Don’t block birth control mandate, Obama urges

WASHINGTON — The Obama administration urged a Supreme Court justice Friday to stop blocking the new health care law’s requirement that some religion-affiliated organizations provide health insurance that includes birth control.

The Justice Department called on Justice Sonia Sotomayor to dissolve her last-minute stay on the contraceptive coverage requirement of the Affordable Care Act, also known as Obamacare. Sotomayor issued the stay on New Year’s Eve, only hours before the law’s coverage went into effect.

Under the health care law, most health insurance plans have to cover all FDA-approved contraceptives as preventive care for women, free of cost to the patient. Churches and other houses of worship are exempt from the birth control requirement, but affiliated institutions that serve the general public are not. That includes charitable organizations, universities and hospitals.

In response to an outcry, the government came up with a compromise that requires insurers or health plan administrators to provide birth control coverage but allows the religious group to distance itself from that action. The exemption is triggered when the religious group signs a form for the insurer saying that it objects to the coverage.

The insurer can then go forward with the coverage.

A group of Denver nuns who run nursing homes for the poor, called the Little Sisters of the Poor Home for the Aged, say signing that form makes them complicit in providing contraceptive coverage, and therefore violates their religious beliefs. They want Sotomayor to make the injunction permanent until the case can be hashed out in court, or for the Supreme Court to agree to take their case now.

Government officials “are simply blind to the religious exercise at issue: The Little Sisters and other applicants cannot execute the form because they cannot deputize a third party to sin on their behalf,” said their lawyer, Mark Rienzi, who is also senior counsel for the Becket Fund for Religious Liberty.

But Solicitor General Donald Verrilli said in court papers that nothing in the law will make those nuns pay for birth control for their employees. The nuns’ insurance is provided through a church plan that is not required to provide contraceptive coverage and has said it will not, he said, making their complaint baseless.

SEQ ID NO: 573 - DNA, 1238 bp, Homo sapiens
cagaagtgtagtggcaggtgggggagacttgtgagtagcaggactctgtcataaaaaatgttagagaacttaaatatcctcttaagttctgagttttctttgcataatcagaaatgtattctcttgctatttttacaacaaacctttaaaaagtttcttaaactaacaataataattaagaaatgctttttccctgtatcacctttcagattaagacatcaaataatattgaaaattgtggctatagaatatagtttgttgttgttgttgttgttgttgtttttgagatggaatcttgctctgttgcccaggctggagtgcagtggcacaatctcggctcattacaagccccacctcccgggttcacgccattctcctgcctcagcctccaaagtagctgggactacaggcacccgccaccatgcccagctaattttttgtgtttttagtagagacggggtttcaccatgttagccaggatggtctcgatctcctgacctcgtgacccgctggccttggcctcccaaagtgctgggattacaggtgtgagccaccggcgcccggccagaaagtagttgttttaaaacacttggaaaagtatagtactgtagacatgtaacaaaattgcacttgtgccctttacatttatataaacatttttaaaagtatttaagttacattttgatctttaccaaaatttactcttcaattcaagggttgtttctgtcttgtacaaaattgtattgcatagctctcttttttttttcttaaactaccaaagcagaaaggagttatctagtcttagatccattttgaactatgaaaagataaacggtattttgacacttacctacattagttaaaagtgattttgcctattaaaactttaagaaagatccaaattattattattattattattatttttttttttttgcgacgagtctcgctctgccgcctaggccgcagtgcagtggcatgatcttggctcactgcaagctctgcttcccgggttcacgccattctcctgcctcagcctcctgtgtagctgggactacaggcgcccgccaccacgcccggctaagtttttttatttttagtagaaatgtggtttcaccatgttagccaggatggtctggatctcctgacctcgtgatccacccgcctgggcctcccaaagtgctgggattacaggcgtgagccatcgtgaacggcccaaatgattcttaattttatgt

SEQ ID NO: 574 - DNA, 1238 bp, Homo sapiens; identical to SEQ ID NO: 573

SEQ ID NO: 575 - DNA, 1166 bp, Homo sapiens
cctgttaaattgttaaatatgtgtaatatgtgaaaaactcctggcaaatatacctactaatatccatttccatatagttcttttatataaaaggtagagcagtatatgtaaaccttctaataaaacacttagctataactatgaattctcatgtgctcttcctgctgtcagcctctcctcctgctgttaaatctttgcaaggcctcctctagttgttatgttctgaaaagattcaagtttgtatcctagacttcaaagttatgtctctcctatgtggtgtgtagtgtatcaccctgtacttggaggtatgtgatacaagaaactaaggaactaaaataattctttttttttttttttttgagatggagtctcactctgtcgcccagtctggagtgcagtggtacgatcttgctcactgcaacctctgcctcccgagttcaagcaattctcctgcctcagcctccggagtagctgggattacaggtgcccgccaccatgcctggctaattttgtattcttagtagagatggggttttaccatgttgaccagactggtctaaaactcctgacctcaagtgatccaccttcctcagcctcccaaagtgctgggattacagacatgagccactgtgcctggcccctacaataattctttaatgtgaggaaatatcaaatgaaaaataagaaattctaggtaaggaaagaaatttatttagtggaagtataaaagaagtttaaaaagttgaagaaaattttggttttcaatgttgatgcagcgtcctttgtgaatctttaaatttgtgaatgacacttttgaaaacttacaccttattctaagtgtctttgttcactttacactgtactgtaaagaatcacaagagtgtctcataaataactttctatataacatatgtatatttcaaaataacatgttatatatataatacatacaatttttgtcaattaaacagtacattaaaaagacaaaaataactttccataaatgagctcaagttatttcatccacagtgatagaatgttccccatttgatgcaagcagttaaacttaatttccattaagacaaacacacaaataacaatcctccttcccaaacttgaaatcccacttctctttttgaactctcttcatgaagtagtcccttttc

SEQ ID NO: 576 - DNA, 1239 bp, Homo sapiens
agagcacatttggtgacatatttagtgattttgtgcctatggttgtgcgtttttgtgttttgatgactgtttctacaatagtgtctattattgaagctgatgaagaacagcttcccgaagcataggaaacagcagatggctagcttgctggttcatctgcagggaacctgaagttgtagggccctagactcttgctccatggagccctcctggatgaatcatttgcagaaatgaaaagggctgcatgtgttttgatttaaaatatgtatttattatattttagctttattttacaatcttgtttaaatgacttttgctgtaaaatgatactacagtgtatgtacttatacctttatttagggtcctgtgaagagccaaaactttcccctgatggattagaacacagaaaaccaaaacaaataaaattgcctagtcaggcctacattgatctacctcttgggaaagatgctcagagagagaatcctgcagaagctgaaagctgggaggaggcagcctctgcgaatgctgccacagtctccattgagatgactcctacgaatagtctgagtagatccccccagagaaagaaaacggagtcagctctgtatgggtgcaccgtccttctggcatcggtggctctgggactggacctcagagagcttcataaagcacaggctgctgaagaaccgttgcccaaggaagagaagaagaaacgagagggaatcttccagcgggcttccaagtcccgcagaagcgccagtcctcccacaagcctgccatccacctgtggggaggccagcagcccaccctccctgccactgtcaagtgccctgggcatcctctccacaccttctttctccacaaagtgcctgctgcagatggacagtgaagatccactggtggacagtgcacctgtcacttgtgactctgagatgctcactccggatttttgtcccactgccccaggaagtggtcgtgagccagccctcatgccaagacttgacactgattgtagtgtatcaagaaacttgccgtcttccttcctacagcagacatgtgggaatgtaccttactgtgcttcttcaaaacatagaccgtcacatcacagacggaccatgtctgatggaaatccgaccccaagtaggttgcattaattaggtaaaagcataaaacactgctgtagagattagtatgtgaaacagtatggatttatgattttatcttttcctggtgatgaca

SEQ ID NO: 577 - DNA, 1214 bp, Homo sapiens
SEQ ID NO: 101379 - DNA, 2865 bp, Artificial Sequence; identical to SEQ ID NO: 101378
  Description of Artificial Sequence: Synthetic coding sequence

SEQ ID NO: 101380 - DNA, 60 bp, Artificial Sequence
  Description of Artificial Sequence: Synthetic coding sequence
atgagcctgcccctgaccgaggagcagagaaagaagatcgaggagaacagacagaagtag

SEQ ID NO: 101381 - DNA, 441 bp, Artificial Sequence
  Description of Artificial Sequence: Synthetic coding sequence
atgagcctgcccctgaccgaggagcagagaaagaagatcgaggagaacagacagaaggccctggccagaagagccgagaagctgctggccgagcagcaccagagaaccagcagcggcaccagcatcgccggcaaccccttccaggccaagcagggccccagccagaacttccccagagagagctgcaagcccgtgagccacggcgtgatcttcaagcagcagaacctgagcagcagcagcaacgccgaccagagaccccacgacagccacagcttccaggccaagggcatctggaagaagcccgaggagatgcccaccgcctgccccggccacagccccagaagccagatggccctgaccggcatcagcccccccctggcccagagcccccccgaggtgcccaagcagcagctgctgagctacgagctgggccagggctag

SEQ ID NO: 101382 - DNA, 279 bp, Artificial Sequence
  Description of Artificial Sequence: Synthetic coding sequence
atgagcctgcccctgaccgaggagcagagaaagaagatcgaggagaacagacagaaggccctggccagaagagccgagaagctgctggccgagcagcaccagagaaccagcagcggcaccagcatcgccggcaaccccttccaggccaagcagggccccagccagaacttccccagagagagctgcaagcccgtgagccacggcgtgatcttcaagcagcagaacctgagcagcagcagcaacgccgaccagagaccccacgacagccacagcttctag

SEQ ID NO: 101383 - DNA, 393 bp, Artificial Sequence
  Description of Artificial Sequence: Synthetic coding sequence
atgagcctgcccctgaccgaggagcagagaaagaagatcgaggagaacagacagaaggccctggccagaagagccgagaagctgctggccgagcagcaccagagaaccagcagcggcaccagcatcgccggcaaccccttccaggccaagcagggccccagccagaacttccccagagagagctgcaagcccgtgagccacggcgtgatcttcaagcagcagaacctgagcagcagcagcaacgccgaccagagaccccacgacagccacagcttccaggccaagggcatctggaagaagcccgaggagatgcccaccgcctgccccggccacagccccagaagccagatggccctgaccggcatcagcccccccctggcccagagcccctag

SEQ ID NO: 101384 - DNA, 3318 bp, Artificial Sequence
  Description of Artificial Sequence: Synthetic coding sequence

“With the stroke of their own pen, applicants can secure for themselves the relief they seek from this court — an exemption from the requirements of the contraceptive-coverage provision — and the employer-applicants’ employees (and their family members) will not receive contraceptive coverage through the plan’s third-party administrator either. The application should be denied,” Verrilli argued.

It is not known when Sotomayor will make a decision.

More in Local News

Former Monroe cop loses appeal on sex crimes conviction

Once a highly respected officer, he was found guilty of secretly videotaping his kids’ babysitter.

Derrick “Wiz” Crawford, 22, is a suspect in the homicide of his roommate. (Edmonds Police Department)
Roommate suspected in Edmonds killing found hiding in closet

Police had been searching for him for 10 days before locating him at a house in Everett.

New leaders coming to county, state political parties

Hillary Moralez of Bothell takes over as chair for the Snohomish County Democratic Party.

Young woman missing from Mukilteo found safe

She called her parents and told them she was at a museum in Seattle.

Camano Island man gets 18 years for role in drug ring

He was convicted of helping lead a drug distribution network in four Washington counties.

Lake Stevens man missing since beginning of January

Jason Michael Knox White hasn’t used his credit card or withdrawn money from his bank since then.

Navy to put filter in Coupeville’s contaminated water system

Chemicals from firefighting foam was found in the town’s drinking water.

Mom and brother turn in suspect in Stanwood robberies

The man is suspected of robbing the same gas station twice, and apologizing to the clerk afterward.

Nichols Brothers Boat Builders apprentice Janette Alhanati (left) and journeyman Kurt Warwick construct wall panels for an upcoming boat project with Linblad Expedition Holdings. A federal grant from the Northwest Workforce Council will allow Nichols Brothers to add more apprentices to its workforce starting in January 2018.
Whidbey Island boatbuilder gets hiring boost

The grant from the Northwest Workforce Council will help expand the company’s apprenticeship program.

Most Read